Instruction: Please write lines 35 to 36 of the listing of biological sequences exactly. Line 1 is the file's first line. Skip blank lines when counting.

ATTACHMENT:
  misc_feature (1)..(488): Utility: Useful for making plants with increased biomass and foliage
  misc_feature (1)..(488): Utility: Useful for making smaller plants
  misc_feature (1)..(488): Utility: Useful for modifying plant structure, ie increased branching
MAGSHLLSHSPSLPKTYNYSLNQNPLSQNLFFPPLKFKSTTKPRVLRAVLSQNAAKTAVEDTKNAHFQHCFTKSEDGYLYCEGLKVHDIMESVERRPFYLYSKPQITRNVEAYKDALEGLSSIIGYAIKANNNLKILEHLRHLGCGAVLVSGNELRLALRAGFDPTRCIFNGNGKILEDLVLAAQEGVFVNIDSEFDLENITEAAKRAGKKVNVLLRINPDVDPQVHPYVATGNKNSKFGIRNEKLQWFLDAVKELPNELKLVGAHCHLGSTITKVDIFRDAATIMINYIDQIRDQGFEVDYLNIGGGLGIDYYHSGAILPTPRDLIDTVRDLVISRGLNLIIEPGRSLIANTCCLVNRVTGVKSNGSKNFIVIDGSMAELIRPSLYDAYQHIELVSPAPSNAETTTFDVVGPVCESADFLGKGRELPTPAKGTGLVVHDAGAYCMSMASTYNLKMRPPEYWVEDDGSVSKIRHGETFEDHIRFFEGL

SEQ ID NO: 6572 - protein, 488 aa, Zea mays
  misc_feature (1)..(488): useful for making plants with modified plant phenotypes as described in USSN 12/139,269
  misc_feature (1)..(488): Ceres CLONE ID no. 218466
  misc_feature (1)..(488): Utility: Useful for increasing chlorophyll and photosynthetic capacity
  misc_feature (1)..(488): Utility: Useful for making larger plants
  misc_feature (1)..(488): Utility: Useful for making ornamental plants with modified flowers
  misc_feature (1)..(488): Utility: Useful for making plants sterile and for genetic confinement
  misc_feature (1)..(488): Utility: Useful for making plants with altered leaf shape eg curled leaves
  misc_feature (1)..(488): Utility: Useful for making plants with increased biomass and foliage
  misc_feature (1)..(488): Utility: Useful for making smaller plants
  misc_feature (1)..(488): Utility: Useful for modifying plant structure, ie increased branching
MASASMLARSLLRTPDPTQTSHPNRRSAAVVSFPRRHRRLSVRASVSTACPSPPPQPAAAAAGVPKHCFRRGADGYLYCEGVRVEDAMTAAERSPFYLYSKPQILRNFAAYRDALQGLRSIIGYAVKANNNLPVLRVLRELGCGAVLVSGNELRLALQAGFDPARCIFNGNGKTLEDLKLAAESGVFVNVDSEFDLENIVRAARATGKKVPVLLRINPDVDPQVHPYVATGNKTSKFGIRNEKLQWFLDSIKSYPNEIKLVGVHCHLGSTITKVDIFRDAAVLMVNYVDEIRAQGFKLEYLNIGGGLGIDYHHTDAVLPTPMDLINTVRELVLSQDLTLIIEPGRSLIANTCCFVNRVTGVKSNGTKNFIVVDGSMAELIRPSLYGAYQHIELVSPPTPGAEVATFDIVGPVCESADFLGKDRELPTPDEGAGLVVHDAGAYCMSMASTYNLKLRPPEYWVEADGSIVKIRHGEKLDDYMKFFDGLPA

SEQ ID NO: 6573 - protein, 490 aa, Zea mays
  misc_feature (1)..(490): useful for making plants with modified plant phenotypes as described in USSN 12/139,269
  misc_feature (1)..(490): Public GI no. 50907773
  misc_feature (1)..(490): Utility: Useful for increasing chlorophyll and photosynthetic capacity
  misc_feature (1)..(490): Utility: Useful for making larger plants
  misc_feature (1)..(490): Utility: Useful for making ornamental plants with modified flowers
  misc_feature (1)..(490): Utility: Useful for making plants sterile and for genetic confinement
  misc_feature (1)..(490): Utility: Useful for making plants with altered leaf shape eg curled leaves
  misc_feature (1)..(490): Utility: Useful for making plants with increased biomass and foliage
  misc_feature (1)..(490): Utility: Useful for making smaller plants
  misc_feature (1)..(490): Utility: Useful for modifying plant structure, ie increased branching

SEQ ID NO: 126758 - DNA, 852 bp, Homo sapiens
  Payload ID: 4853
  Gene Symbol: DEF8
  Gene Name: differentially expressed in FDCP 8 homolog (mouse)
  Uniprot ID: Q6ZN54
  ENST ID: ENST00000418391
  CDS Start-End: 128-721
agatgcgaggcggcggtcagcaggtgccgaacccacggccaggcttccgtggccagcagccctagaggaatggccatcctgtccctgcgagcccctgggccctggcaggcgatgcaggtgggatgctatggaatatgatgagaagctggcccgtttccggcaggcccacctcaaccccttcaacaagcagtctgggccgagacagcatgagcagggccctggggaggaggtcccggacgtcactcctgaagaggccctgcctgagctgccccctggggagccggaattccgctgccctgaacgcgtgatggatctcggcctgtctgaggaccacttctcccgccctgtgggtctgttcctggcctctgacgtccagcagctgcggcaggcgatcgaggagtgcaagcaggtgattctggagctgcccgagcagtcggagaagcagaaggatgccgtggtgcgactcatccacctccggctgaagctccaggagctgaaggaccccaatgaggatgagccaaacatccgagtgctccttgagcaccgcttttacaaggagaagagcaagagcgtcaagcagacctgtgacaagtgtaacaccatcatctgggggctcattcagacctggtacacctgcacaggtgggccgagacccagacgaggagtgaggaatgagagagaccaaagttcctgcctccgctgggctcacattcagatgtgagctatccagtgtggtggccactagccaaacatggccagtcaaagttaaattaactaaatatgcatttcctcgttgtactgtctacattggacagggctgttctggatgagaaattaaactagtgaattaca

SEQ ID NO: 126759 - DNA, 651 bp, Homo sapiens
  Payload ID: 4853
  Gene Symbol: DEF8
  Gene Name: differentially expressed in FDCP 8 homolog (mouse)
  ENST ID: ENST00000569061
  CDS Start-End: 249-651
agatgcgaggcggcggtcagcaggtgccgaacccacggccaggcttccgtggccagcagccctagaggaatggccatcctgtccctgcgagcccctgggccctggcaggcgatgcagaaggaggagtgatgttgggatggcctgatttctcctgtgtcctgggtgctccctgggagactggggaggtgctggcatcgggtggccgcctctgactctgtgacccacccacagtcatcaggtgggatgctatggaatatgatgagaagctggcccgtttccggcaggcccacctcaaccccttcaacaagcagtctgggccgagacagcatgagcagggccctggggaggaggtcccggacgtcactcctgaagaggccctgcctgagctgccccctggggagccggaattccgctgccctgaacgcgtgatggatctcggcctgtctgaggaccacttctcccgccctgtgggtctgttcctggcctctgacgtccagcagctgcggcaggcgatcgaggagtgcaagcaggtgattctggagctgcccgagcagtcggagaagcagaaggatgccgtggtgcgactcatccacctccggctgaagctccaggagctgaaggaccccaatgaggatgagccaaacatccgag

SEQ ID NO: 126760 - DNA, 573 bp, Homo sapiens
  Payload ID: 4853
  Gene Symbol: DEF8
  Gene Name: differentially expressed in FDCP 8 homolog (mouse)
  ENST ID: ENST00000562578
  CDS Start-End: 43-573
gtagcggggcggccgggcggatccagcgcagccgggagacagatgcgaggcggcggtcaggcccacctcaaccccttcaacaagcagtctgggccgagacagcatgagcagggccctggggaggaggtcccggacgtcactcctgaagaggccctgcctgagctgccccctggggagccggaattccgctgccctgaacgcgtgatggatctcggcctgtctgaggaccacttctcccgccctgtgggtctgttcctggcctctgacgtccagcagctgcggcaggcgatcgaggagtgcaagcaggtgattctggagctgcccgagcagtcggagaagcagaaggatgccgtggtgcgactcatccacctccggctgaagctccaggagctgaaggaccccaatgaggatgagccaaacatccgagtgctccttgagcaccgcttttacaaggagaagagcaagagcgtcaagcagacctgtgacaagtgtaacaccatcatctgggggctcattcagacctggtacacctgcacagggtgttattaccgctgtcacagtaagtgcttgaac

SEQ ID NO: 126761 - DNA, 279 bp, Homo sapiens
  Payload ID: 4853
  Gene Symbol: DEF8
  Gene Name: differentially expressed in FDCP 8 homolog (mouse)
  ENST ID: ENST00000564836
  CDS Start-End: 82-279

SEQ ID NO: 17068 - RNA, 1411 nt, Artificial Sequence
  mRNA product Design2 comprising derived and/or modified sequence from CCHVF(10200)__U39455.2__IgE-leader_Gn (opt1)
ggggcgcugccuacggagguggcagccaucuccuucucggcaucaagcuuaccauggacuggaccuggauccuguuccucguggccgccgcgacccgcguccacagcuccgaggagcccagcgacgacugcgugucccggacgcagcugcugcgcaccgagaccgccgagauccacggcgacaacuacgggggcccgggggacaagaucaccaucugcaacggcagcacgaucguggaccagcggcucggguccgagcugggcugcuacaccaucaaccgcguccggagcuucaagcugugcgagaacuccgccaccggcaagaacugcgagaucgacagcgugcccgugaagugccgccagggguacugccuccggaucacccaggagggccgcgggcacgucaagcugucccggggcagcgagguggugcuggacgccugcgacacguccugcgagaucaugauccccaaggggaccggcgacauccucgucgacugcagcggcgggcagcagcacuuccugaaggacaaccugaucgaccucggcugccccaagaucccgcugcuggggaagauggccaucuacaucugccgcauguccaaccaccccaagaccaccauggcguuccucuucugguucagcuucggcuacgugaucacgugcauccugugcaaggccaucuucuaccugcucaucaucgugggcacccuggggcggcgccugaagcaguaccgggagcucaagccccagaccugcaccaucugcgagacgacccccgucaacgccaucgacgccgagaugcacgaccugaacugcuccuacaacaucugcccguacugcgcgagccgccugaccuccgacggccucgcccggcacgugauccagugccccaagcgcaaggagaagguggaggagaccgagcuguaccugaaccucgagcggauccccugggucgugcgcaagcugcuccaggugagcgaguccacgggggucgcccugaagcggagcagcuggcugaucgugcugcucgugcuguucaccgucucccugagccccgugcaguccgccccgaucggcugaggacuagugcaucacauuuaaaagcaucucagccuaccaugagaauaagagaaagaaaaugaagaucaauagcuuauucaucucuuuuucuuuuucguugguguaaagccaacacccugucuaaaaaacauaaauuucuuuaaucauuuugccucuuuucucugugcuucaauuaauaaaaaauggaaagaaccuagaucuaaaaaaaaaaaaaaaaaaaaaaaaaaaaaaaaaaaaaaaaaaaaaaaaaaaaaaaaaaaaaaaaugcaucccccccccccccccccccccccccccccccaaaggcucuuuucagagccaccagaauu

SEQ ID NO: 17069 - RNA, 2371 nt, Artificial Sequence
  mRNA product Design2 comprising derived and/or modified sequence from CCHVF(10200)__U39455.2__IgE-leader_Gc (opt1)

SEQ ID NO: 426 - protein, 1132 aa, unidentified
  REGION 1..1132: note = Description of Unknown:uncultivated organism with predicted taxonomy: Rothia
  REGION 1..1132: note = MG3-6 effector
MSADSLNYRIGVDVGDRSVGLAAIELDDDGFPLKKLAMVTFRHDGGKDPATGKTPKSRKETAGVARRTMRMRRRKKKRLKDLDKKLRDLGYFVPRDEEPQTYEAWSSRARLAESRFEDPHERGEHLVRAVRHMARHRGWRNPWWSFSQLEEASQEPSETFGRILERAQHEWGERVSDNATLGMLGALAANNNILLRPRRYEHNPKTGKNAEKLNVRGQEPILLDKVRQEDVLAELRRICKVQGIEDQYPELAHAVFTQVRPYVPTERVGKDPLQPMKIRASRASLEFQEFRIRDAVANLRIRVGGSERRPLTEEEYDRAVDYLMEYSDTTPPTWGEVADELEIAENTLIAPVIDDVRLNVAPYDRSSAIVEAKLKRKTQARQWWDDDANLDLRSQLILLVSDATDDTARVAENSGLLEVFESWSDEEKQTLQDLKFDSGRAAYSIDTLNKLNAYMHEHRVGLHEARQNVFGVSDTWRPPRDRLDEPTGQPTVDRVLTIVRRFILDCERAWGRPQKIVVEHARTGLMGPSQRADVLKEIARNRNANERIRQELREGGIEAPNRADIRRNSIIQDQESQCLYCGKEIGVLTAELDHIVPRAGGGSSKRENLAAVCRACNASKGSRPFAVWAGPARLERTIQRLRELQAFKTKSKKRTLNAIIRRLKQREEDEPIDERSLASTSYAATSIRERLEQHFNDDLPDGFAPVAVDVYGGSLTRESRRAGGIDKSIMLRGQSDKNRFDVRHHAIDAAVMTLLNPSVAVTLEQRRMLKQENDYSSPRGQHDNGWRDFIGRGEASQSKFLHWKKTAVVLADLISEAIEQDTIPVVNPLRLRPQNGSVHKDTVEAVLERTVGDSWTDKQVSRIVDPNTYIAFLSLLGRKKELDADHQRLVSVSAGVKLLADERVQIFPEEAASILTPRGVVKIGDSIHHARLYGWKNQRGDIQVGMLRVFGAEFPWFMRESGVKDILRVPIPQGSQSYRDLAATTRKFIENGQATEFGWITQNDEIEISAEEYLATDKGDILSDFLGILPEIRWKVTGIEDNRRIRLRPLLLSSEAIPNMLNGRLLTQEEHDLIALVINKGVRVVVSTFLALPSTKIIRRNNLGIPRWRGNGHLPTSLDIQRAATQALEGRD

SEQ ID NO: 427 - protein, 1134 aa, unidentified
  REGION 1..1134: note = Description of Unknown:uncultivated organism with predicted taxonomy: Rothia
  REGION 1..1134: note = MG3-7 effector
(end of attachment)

agatgcgaggcggcggtcagcaggtgccgaacccacggccaggcttccgtggccagcagccctagaggaatggccatcctgtccctgcgagcccctgggccctggcaggcgatgcaggtgggatgctatggaatatgatgagaagctggcccgtttccggcaggcccacctcaaccccttcaacaagcagtctgggccgagacagcatgagcagggccctggggaggaggtcccggacgtcactcctgaagaggccctgcctgagctgccccctggggagccggaattccgctgccctgaacgcgtgatggatctcggcctgtctgaggaccacttctcccgccctgtgggtctgttcctggcctctgacgtccagcagctgcggcaggcgatcgaggagtgcaagcaggtgattctggagctgcccgagcagtcggagaagcagaaggatgccgtggtgcgactcatccacctccggctgaagctccaggagctgaaggaccccaatgaggatgagccaaacatccgagtgctccttgagcaccgcttttacaaggagaagagcaagagcgtcaagcagacctgtgacaagtgtaacaccatcatctgggggctcattcagacctggtacacctgcacaggtgggccgagacccagacgaggagtgaggaatgagagagaccaaagttcctgcctccgctgggctcacattcagatgtgagctatccagtgtggtggccactagccaaacatggccagtcaaagttaaattaactaaatatgcatttcctcgttgtactgtctacattggacagggctgttctggatgagaaattaaactagtgaattaca

SEQ ID NO: 126759 - DNA, 651 bp, Homo sapiens